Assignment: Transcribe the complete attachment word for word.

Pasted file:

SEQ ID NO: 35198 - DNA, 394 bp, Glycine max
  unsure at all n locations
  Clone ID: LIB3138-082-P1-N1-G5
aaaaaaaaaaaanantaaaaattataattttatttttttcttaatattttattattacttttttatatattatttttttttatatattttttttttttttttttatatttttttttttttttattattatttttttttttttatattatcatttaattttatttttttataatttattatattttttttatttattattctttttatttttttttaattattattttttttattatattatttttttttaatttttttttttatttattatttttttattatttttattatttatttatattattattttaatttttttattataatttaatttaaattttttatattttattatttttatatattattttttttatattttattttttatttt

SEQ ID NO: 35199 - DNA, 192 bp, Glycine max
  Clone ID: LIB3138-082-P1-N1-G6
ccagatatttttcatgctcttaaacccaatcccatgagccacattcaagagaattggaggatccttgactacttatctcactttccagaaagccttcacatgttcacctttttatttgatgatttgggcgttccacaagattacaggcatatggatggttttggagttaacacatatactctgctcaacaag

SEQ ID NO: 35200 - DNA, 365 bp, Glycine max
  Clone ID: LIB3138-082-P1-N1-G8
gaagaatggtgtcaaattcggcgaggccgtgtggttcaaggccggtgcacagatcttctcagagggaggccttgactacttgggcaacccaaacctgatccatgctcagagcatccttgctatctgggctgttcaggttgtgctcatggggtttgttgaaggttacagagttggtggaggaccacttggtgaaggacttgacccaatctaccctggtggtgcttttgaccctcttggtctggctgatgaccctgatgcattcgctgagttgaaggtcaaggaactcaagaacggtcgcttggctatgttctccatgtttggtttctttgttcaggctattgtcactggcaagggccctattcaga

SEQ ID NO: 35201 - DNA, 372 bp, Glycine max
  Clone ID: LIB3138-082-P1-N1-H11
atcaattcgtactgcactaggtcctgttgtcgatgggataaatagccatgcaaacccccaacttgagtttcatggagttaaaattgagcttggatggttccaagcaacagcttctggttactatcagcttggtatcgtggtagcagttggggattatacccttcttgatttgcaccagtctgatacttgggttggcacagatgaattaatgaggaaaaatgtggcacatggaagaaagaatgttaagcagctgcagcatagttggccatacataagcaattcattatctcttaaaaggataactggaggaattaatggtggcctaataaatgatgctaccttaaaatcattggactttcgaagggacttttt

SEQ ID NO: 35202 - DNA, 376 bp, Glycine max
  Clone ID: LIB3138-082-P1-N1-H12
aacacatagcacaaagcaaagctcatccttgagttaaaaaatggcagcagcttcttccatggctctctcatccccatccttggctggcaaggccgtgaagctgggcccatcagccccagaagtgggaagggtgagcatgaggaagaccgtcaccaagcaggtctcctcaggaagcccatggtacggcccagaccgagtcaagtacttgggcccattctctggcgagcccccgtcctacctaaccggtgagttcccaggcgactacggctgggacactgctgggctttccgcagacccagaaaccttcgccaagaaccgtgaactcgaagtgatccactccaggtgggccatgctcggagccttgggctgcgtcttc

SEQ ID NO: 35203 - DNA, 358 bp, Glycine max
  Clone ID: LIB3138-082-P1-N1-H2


SEQ ID NO: 35198 - DNA, 394 bp, Glycine max
  unsure at all n locations
  Clone ID: LIB3138-082-P1-N1-G5
aaaaaaaaaaaanantaaaaattataattttatttttttcttaatattttattattacttttttatatattatttttttttatatattttttttttttttttttatatttttttttttttttattattatttttttttttttatattatcatttaattttatttttttataatttattatattttttttatttattattctttttatttttttttaattattattttttttattatattatttttttttaatttttttttttatttattatttttttattatttttattatttatttatattattattttaatttttttattataatttaatttaaattttttatattttattatttttatatattattttttttatattttattttttatttt

SEQ ID NO: 35199 - DNA, 192 bp, Glycine max
  Clone ID: LIB3138-082-P1-N1-G6
ccagatatttttcatgctcttaaacccaatcccatgagccacattcaagagaattggaggatccttgactacttatctcactttccagaaagccttcacatgttcacctttttatttgatgatttgggcgttccacaagattacaggcatatggatggttttggagttaacacatatactctgctcaacaag

SEQ ID NO: 35200 - DNA, 365 bp, Glycine max
  Clone ID: LIB3138-082-P1-N1-G8
gaagaatggtgtcaaattcggcgaggccgtgtggttcaaggccggtgcacagatcttctcagagggaggccttgactacttgggcaacccaaacctgatccatgctcagagcatccttgctatctgggctgttcaggttgtgctcatggggtttgttgaaggttacagagttggtggaggaccacttggtgaaggacttgacccaatctaccctggtggtgcttttgaccctcttggtctggctgatgaccctgatgcattcgctgagttgaaggtcaaggaactcaagaacggtcgcttggctatgttctccatgtttggtttctttgttcaggctattgtcactggcaagggccctattcaga

SEQ ID NO: 35201 - DNA, 372 bp, Glycine max
  Clone ID: LIB3138-082-P1-N1-H11
atcaattcgtactgcactaggtcctgttgtcgatgggataaatagccatgcaaacccccaacttgagtttcatggagttaaaattgagcttggatggttccaagcaacagcttctggttactatcagcttggtatcgtggtagcagttggggattatacccttcttgatttgcaccagtctgatacttgggttggcacagatgaattaatgaggaaaaatgtggcacatggaagaaagaatgttaagcagctgcagcatagttggccatacataagcaattcattatctcttaaaaggataactggaggaattaatggtggcctaataaatgatgctaccttaaaatcattggactttcgaagggacttttt

SEQ ID NO: 35202 - DNA, 376 bp, Glycine max
  Clone ID: LIB3138-082-P1-N1-H12
aacacatagcacaaagcaaagctcatccttgagttaaaaaatggcagcagcttcttccatggctctctcatccccatccttggctggcaaggccgtgaagctgggcccatcagccccagaagtgggaagggtgagcatgaggaagaccgtcaccaagcaggtctcctcaggaagcccatggtacggcccagaccgagtcaagtacttgggcccattctctggcgagcccccgtcctacctaaccggtgagttcccaggcgactacggctgggacactgctgggctttccgcagacccagaaaccttcgccaagaaccgtgaactcgaagtgatccactccaggtgggccatgctcggagccttgggctgcgtcttc

SEQ ID NO: 35203 - DNA, 358 bp, Glycine max
  Clone ID: LIB3138-082-P1-N1-H2